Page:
current board configuration (as in the code above) and will use the remainder
of the division of the number by the size of the move list to select a
move from the list. A mutation can simply be incrementing by one a randomly
chosen number from the 32. Note that most games will be shorter than 32
moves - the left over numbers are simply ignored.

This is really a bad genome since incrementing a number in the middle
will change the meaning of all the numbers that follow it. But I am
hoping that it will be good enough for me to get an answer.

It might be interesting for the genome to have some visual representation,

    frameMorph copy
I "show morph" and see what looks like a small blue button. That will do.
Now I copy the parent slot to the background and drag the arrow in the
original slot to point to that, so I can make the slot:

    morphTypeName = 'genomeMorph'
In the genomeMorph itself, I add this slot:

    genes <- vector copySize: 32 FillingWith: 50

    cachedScore <- 0
Back to the geneMorph parent object, these slots will be needed:

    copy = ( | c | c: resend.copy. c genes: genes copy. c )
    mutate = ( | i | i: random integer: genes size.
                     genes at: i Put: (genes at: i) + 1.
                     cachedScore: 0)
    score = (0 != cachedScore ifTrue: [ ^ cachedScore ].
             cachedScore: board play: self.
             morphsDo: [ | :m |
                m morphTypeName = 'labelMorph' ifTrue: [
                   m label: cachedScore printString
                ]  "update label, if any"
    geneAt: num = (genes at: num)
    board = ()
I have to grab the pointer for this last slot and drag it over the the board
object. This will allow the "score" method to work (otherwise the geneMorph
objects would know nothing about boards since I have not yet made any
"global variables". I then add a labelMorph to the geneMorph:

   labelMorph copy
with the usual "show morph" and then "embed in morph below". It is too dark,
so I change its color to white. Much better. It still reads 'a labelMorph'
but that will be converted to a number soon enough (when 'score' is first
invoked). The 'play' method in the board object should be simple enough:

   play: genome = ( | valid. choice. moveNum <- 0 |
                    [valid: allMoves copyFilteredBy: [ | :m | m isValid ].
                     valid size < 0 ] whileTrue: [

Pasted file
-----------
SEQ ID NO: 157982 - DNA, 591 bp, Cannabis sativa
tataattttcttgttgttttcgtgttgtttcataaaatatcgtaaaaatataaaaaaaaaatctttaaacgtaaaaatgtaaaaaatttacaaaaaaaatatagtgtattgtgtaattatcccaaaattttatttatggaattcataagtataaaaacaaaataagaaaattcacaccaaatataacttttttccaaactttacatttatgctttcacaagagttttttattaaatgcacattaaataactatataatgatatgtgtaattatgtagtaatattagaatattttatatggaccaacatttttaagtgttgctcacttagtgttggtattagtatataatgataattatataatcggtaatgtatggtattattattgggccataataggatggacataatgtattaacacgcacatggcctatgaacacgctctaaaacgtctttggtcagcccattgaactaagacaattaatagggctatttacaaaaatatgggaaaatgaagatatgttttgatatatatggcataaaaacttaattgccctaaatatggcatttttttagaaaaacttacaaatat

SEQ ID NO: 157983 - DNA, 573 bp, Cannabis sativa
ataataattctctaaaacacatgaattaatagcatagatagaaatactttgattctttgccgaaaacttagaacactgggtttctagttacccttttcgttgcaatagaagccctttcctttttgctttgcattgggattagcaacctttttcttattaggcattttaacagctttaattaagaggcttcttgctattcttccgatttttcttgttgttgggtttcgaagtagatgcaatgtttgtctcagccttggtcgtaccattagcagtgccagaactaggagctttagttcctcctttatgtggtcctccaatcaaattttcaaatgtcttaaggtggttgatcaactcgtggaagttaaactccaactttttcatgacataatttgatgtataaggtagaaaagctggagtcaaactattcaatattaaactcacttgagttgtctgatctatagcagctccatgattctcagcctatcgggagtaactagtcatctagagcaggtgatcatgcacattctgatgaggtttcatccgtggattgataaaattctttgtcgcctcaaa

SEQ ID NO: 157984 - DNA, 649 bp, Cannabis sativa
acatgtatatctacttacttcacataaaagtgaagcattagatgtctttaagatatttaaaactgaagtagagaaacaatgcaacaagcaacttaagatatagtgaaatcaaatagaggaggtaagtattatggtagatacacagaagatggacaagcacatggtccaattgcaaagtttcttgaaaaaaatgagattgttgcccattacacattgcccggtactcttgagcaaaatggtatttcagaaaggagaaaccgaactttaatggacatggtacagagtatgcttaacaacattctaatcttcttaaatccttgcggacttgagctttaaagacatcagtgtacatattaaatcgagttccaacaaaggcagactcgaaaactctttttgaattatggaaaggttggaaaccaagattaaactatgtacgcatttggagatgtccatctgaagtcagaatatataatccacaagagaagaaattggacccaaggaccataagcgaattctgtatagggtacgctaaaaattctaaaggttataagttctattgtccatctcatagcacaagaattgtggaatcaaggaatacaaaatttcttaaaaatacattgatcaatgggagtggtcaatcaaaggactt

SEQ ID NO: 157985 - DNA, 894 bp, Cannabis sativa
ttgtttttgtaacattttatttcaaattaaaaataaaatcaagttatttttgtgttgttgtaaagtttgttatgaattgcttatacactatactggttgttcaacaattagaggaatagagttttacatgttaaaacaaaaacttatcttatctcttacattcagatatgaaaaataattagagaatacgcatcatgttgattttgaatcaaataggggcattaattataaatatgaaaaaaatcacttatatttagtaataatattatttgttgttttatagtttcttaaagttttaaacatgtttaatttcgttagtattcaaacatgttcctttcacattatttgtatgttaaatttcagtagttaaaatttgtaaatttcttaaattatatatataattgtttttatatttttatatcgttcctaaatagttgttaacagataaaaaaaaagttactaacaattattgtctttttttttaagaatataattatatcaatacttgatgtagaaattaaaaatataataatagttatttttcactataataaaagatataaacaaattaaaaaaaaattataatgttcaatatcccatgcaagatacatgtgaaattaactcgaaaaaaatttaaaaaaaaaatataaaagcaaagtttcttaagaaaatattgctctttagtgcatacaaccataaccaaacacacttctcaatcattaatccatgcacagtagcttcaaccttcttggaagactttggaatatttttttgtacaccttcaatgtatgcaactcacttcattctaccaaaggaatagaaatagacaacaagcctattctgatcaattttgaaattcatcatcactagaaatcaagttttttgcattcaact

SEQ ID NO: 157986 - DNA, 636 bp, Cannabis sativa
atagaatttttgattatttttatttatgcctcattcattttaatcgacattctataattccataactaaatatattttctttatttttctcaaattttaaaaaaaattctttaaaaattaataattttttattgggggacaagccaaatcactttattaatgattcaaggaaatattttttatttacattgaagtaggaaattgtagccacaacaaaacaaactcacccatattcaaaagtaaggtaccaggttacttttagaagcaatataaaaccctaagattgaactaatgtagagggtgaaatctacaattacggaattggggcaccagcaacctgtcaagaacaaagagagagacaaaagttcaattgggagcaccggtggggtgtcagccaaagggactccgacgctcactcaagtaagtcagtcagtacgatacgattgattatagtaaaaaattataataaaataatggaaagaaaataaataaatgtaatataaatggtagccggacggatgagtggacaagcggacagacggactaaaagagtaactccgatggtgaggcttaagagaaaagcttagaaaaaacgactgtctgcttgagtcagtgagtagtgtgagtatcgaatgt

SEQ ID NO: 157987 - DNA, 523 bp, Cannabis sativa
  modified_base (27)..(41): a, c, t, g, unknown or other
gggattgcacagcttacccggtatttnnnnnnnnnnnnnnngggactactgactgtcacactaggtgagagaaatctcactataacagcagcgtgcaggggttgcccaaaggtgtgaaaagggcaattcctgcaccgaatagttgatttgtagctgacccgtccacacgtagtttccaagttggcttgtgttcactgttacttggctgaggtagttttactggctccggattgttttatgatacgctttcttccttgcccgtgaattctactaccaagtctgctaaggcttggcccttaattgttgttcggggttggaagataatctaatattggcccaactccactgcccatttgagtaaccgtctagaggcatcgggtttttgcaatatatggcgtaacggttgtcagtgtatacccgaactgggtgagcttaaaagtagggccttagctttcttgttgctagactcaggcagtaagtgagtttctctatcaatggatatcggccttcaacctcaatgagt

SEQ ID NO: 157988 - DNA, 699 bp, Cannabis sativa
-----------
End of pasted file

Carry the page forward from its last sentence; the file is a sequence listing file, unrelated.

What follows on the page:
choice: genome geneAt: moveNum.
                       choice: choice % valid size.
                       (valid at: choice) doIt.
                       moveNum: moveNum + 1.
                    32 - moveNum)
This is the most complex piece of code I have written so far, so I will
check it out in the debugger by evaluating "halt. score" in the genomeMorph
object. The first play is downwards - looks ok... second play is up, also
pretty good... third play worked too, so I will just risk letting it
finish from here. Perfect - I got 7 as an answer (now also indicated in
the label in the genome) and the board shows the final configuration.
Now I will make a copy of the genomeMorph:

"show morph" and we get something that look like the first one. The score
shows 7, of course. I'll manually set the cachedScore to 0 and ask for
the score again just to make sure. Yup - the exact same game. Now we send
in a radiation bolt on this second genome ;-)

Ask for the score and we get 7 again. Hmm... the board looks the same.
Check the genes... yes: gene 19 is now 51. Of course - many mutations have
no direct effect since they are in an ignored part of the genome. But they
could have a future effect if a mutation in an early gene make the game
last longer. Ok, so I will mutate a few more times until one of the first
genes is changed... 3 more times is good enough. Now asking for the score
still returned 7 but with a very different board configuration. One more
mutation and the score falls to 9.

It would be interesting to be able to see what is going on in slow
motion, so I will add a method to the board to play just one step at
a time. I can reuse the "currentMove" slot from before. I will add
a "nowPlaying" slot to hold the genome we are interested in and also
these two methods (all in the board object):

   wantsMorph: m Event: evt = ( m morphTypeName = 'genomeMorph' )
   addDroppingMorph: m Event: evt = (nowPlaying: m.
            currentMove: 0.
Now I can just drop a genomeMorph on the board and it is ready to play. The